Let us look at our welfare system. There has been a lot of discussion about turning welfare over to the States, with few or virtually no Federal guidelines or requirements. What would happen if we do that? Would we see a movement of the disadvantaged between States, putting a heavier burden on the citizens of a State that provides more generous benefits?

Let us look at occupational safety, or environmental regulation. With a patchwork of differing standards across the States, would we see a migration of factories and jobs to States with lower standards? I think so. But by mandating floors in environmental and workplace conditions, the Federal Government ensures that States will comply with minimal standards befitting a complex, interrelated, and decent society.

Or let us look at gun control. My State of New Jersey generally has strong controls on guns. But New Jerseyans still suffer from an epidemic of gun violence–in no small measure because firearms come into New Jersey from other States. Without strong national controls, this will remain a problem. That is why we passed a ban on all assault weapons and why we passed the Brady bill.

Currently the Federal Government discourages a scenario whereby a given State decides not to enforce some worker health and safety laws as a way of lowering costs and attracting industry. A State right next door might feel compelled to lower its standards in order to remain competitive. In the absence of a Federal Standard, we would likely see a bidding war that lowers the quality of life for all Americans.

These are some of a host of very fundamental, very basic, and even profound questions raised by the notion that we should never have unfunded mandates. These are questions each Member of the Senate should consider long and hard, before moving to drastically curtail—or make impossible—any unfunded mandates.175

After voting on 44 amendments and several cloture motions, the Senate approved S. 1 on January 27, 1995, 86-10.176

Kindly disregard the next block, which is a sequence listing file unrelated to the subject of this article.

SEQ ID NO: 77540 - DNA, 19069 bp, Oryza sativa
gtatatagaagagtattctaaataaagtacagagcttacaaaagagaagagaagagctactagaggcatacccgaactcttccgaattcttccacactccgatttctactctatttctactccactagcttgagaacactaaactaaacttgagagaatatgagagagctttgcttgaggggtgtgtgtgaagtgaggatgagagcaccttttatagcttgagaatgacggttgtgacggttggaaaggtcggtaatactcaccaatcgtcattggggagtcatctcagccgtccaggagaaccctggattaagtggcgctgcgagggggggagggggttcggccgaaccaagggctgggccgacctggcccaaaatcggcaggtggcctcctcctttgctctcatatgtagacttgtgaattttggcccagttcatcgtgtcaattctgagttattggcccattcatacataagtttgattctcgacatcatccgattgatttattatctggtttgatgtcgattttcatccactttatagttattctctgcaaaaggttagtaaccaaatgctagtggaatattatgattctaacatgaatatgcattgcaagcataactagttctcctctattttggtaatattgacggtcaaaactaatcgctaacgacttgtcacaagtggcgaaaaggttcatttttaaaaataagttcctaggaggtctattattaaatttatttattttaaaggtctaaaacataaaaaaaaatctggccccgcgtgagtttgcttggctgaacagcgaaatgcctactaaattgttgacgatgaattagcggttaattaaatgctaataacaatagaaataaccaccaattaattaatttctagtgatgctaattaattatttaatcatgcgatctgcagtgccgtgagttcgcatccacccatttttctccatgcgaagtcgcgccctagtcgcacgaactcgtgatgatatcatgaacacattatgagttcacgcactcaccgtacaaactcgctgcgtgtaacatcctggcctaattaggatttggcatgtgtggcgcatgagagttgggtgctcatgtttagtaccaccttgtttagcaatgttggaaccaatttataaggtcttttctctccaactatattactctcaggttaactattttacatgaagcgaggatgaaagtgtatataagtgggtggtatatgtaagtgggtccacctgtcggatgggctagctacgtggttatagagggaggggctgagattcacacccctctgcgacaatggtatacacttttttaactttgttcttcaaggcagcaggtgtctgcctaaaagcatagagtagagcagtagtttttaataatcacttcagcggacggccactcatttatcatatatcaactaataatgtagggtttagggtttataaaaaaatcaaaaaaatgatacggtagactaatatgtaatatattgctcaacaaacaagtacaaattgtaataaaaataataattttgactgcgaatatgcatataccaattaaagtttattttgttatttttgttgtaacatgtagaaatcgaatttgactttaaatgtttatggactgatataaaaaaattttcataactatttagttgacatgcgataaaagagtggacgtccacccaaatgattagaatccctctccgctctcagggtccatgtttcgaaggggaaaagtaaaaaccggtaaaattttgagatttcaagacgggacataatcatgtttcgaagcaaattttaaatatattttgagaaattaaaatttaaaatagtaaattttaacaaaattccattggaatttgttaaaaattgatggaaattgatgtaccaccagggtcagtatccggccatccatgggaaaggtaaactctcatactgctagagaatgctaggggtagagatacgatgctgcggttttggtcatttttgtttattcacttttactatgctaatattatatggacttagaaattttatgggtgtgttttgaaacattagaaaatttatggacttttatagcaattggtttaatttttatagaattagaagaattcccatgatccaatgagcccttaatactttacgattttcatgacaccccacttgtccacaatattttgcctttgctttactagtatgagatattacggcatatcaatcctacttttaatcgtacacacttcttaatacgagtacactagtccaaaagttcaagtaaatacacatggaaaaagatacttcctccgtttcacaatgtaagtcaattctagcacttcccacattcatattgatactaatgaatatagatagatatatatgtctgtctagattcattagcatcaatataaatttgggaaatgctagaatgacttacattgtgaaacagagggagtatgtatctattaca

One of the amendments approved by the Senate was the "Byrd look-back amendment," which is the only provision in UMRA that allows for the regulation of any mandates based on actual rather than estimated costs.177 It provided that legislation containing intergovernmental mandates would be considered funded, and hence not subject to a point of order, if it authorized appropriations to cover the estimated direct costs of the intergovernmental mandate and incorporated a prescribed mechanism requiring further review if, in any fiscal year, Congress did not appropriate funds sufficient to cover those costs. Under this mechanism, if the responsible federal agency determines that the appropriation provided was insufficient to cover the estimated direct costs of the mandate it shall notify the appropriate authorizing committees not later than 30 days after the start of the fiscal year and submit recommendations for either implementing a less costly mandate or making the mandate ineffective for the fiscal year. The statutory mechanism must also include expedited procedures for the consideration of legislative recommendations to achieve these outcomes not later than 30 days after the recommendations are submitted to Congress. Finally, the mechanism must provide that the mandate "shall be ineffective until such time as Congress has completed action on the recommendations of the responsible federal agency."178 After Senator Robert Byrd offered this amendment, the Senate adopted it on January 26, 1995, 100-0.179